The US private sector shed 697,000 jobs in February, according to a closely watched survey of business employment published on Wednesday.
Separately, the services sector shrank less than expected last month but more sharply than in January. The Institute of Supply Management’s non-manufacturing index fell to 41.6 from 42.9 the month before. Readings below 50 signal contraction.
The grim data were compounded by the release of a pessimistic assessment of the US economy by the Federal Reserve, which showed a weakening labour market, consumer demand, manufacturing output and commercial real estate almost across the board.
The so-called ”Beige Book”, which collates reports from the Fed’s twelve districts, said that national economic conditions deteriorated during late January and early February and were not expected to pick up until the end of the year or into 2010. Ten of the twelve regional reports indicated weaker conditions or declines in economic activity, while Philadelphia and Chicago said that their economies ”remained weak”, the study said.
The report suggested that rising unemployment was beginning to feed through into slowing or falling wages, which have remained relatively strong so far in the recession. ”With rising layoffs and hiring freezes, unemployment has risen in all areas, reducing or eliminating upward wage pressures,” the Beige Book said.
The monthly ADP Employer Services survey, which tracks private non-farm payroll employment, showed further deterioration in the labour market. The result was worse than economists expected and followed ADP’s dire January report estimating a revised 614,000 jobs lost.
ADP changed the methodology of its survey in December after it significantly undershot the US government’s labour report. Last month’s result also undershot the official figures, which showed that 598,000 jobs were lost in January compared with ADP’s original estimate of 522,000.
“The nightmare continues,” said Ian Sheperdson, chief US economist at High Frequency Economics. “Every indicator we know tells us that employment is tanking right across the economy.”
The services sector was hit the hardest last month, shedding 359,000 workers. Meanwhile the goods-producing sector lost 338,000 jobs, the 25th consecutive monthly drop, and manufacturing lost 219,000 jobs, marking three years of consecutive monthly declines. The construction sector lost 114,000 jobs in February and has shed more than 1m workers since January 2007.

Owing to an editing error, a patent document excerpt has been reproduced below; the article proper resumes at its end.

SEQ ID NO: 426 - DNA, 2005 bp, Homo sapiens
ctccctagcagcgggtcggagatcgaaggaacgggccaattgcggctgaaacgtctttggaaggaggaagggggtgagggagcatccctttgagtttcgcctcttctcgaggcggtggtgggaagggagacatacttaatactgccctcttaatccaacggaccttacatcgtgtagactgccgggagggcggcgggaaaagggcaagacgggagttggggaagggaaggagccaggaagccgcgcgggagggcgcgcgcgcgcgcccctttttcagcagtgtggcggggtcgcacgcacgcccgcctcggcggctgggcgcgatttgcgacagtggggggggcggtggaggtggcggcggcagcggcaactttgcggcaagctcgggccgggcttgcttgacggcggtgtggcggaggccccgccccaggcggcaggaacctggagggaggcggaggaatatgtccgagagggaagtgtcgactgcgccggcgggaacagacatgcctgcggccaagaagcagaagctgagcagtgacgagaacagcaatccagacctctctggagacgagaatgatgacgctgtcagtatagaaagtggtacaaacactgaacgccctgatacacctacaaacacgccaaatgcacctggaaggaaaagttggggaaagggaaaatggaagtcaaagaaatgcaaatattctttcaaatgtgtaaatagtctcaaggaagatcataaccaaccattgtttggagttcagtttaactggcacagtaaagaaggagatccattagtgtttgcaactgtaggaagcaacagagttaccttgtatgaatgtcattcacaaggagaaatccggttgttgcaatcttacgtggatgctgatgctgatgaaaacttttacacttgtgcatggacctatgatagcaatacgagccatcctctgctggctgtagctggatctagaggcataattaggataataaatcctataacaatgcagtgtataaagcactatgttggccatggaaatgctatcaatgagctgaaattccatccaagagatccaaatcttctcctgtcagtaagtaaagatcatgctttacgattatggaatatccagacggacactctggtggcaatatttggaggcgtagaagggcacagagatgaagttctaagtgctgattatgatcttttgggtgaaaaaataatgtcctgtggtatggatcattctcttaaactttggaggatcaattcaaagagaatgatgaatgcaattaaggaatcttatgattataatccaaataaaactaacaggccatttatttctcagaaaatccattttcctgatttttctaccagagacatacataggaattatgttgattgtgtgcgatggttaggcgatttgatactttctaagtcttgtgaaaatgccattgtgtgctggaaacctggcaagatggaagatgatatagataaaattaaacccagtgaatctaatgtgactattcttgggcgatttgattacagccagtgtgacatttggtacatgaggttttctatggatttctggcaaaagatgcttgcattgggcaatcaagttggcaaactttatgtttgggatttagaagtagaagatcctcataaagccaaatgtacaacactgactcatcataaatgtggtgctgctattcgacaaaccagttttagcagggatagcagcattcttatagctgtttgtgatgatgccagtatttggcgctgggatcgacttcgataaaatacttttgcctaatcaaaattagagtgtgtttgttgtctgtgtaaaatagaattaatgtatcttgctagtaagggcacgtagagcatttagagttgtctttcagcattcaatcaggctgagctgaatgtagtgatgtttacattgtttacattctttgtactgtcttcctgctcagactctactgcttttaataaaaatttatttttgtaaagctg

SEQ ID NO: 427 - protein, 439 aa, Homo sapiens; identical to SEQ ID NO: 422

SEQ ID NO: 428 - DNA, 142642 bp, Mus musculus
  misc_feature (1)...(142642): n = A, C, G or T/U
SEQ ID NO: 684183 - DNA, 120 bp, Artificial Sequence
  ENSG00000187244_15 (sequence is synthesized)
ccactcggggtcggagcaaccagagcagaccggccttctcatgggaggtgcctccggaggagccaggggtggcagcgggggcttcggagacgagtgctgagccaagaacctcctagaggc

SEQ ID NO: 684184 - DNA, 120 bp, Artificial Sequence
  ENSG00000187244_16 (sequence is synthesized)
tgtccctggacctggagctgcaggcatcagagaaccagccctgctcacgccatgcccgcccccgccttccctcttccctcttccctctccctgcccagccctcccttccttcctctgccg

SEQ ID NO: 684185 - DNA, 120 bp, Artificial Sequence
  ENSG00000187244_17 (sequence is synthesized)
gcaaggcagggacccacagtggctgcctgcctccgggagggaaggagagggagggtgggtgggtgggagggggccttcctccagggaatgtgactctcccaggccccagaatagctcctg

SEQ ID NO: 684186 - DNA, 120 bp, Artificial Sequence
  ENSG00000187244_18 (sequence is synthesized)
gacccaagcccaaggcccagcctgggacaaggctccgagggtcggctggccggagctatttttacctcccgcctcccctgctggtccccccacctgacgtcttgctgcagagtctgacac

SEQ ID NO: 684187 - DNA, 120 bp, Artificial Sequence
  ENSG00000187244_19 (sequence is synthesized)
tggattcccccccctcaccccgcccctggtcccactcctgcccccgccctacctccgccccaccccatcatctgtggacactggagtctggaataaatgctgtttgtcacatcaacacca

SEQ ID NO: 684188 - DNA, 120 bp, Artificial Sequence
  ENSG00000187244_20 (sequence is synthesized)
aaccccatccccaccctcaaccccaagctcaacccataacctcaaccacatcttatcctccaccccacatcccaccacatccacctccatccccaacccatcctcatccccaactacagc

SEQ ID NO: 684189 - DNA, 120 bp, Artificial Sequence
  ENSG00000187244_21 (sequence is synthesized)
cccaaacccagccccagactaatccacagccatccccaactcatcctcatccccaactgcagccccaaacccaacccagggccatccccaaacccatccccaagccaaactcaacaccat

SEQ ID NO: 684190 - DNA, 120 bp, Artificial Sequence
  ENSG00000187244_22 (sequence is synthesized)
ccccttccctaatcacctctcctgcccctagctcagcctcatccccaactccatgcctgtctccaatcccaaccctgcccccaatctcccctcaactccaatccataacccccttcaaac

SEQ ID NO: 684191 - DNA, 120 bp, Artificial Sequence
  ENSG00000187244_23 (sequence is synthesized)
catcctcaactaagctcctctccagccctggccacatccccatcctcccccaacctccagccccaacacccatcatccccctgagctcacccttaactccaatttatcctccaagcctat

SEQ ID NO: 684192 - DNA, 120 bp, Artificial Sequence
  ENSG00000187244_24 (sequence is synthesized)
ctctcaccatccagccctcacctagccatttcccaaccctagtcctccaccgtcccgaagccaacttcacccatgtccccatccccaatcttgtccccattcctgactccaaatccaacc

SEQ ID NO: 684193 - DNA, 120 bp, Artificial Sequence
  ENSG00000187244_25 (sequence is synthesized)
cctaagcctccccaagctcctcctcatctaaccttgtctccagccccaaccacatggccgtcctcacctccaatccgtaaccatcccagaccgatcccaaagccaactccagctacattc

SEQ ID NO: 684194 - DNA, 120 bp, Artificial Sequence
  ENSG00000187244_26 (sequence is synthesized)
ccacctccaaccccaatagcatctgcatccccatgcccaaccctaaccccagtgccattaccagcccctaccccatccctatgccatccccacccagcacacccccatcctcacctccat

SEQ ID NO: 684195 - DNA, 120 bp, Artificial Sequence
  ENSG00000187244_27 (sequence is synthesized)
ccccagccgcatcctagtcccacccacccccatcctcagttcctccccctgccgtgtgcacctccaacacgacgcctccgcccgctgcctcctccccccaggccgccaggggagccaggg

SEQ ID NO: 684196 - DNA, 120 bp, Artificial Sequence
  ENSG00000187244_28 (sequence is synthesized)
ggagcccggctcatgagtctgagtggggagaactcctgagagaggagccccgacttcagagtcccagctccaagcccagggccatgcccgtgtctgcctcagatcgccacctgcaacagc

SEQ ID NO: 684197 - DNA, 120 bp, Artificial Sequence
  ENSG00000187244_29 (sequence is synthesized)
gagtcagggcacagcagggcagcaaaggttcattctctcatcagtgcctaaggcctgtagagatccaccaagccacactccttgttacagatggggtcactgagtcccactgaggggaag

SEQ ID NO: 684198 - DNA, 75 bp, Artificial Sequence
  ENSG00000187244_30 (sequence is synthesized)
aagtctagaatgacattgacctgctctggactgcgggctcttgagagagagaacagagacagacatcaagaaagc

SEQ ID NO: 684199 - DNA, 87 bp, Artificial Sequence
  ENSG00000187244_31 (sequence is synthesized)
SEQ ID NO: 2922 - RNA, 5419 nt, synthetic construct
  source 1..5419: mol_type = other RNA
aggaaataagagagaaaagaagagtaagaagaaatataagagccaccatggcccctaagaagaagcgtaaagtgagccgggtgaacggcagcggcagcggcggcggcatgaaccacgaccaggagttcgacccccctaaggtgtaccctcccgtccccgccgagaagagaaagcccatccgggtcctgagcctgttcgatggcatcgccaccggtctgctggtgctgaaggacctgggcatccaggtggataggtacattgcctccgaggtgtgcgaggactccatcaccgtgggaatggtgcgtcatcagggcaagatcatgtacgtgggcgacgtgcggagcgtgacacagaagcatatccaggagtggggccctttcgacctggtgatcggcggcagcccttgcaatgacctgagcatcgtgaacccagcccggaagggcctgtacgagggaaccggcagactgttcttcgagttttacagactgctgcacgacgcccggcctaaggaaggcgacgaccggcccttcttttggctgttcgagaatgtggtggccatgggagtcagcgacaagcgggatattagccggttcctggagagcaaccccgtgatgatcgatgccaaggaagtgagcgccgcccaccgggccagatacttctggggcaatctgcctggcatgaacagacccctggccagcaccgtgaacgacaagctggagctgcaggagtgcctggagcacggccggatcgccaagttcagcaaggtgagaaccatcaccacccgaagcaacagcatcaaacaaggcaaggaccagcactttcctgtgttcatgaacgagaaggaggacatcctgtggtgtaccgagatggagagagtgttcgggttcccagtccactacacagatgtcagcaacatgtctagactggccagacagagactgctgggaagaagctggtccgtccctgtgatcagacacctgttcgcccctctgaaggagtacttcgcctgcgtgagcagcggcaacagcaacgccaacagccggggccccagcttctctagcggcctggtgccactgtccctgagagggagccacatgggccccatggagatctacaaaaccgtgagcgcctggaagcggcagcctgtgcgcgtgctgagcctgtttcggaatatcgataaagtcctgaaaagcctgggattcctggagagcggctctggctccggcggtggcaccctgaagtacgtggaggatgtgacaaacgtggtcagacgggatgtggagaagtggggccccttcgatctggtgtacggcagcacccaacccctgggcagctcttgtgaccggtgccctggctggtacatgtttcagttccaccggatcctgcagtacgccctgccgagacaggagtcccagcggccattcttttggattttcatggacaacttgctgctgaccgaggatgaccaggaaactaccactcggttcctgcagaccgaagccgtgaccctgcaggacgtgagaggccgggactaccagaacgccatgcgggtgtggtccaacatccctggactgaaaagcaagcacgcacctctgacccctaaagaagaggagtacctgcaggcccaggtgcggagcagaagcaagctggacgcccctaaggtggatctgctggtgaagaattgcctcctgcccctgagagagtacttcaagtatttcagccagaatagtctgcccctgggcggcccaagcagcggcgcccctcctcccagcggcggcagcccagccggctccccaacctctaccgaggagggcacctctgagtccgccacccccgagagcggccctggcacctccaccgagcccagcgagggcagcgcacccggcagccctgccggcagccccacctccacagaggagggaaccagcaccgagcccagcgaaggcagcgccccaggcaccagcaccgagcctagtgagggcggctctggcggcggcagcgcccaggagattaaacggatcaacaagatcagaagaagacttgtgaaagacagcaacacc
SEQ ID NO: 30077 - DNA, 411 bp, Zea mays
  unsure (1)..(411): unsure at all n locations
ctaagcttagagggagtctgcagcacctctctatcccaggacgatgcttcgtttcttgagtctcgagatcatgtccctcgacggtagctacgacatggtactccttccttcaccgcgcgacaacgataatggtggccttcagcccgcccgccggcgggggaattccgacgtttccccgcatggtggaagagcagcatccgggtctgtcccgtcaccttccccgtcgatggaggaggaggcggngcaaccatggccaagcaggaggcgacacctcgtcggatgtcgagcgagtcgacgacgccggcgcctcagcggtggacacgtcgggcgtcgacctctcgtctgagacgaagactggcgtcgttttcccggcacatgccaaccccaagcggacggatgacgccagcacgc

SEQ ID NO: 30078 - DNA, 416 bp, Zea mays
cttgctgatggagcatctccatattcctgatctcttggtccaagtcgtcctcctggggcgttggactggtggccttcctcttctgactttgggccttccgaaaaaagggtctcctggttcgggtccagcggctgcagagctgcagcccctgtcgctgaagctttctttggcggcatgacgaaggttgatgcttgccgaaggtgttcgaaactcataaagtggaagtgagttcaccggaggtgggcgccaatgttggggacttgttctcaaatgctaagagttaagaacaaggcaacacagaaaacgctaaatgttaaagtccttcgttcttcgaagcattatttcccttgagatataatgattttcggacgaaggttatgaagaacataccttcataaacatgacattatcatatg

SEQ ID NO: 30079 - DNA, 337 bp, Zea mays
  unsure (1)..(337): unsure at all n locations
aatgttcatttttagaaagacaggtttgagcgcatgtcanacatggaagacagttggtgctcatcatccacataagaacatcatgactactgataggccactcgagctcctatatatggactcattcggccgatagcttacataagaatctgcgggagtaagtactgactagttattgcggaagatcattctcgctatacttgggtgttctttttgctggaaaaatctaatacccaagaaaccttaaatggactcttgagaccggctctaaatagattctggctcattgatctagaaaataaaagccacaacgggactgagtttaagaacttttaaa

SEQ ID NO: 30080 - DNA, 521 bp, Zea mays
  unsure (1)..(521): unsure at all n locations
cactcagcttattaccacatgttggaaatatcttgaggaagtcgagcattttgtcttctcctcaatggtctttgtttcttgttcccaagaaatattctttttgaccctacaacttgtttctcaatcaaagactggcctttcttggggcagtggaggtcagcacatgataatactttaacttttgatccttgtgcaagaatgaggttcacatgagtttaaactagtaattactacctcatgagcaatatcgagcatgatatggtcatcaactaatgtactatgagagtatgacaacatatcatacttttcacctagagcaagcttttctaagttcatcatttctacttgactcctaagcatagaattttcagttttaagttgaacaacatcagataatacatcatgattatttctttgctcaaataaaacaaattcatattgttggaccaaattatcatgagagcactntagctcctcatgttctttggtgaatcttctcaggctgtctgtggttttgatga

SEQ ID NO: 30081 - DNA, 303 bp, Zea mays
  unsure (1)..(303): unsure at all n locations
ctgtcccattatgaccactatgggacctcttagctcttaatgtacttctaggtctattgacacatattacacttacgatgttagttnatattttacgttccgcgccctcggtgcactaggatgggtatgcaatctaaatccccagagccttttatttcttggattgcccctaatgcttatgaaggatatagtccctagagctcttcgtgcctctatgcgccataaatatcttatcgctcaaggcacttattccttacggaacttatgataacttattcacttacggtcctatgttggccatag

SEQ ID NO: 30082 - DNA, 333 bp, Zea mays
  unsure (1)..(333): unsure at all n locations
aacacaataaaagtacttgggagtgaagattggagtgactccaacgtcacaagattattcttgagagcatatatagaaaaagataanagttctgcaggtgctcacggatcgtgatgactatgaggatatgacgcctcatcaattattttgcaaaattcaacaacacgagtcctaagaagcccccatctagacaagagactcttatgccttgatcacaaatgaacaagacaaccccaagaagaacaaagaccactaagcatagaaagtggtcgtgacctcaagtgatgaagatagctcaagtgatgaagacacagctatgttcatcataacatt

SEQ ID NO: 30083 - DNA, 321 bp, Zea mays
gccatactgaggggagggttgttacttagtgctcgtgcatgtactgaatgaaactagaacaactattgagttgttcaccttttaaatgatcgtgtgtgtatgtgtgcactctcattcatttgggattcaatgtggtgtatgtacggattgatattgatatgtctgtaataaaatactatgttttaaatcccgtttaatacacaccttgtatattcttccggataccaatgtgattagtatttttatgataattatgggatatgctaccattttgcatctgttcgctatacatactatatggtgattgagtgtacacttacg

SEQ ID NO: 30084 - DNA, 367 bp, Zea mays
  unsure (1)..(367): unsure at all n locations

Construction work has contracted severely during the last two years, as the housing market has collapsed. On Monday government figures showed that construction spending fell by 3.3 per cent in January, more than double what analysts had predicted. After downward revisions, the quarterly decline was the worst on record.
Mid-sized and small businesses suffered the most job cuts last month, shedding 314,000 and 262,000 workers respectively. Large companies – those with more than 500 employees – cut 121,000 jobs.
“Sharply falling employment at medium and small-size businesses clearly indicates that the recession is spreading aggressively beyond manufacturing and housing-related activities,” according to the ADP report.
In a separate report on Wednesday, Challenger, Gray and Christmas, a consultancy, found that companies announced 186,350 job cuts in February, down 23 per cent fom January’s seven-year high. However, the February total was 158 per cent higher than in the same month the prior year.
Economists expect the official non-farm payrolls report due on Friday to show that 650,000 jobs were lost in February, bringing the unemployment rate to 7.9 per cent. Pessimistic forecasters project that as many as 850,000 jobs may have been lost last month.
According to ISM employment activity contracted in February for the 13th time in the last 14 months, with 14 out of 18 industries showing declining employment. The contraction was less severe than in January and jobs grew in the real estate, rental and leasing industry and in the utilities sector, while retail, construction and education services shed jobs.
The ISM’s measure of business activity showed contraction accelerating in February. The only industries showing improved performance were agriculture, the arts and healthcare. Wholesale trade, management and real estate performed worse last month.
Inventory levels slimmed in February, as companies cleared their stocks. But inventory sentiment rose, a sign that businesses feel that their backlogs remain too high.
The overall reading of 41.6 was slightly better than the 41 economists were expecting and from November’s record low of 37.4.
“The rate of deterioration in economic conditions has moderated a little from the virtual free-fall that existed late last year,” said Josh Shapiro, chief US economist at MFR. “While a step in the right direction, this hardly is indication of impending recovery.”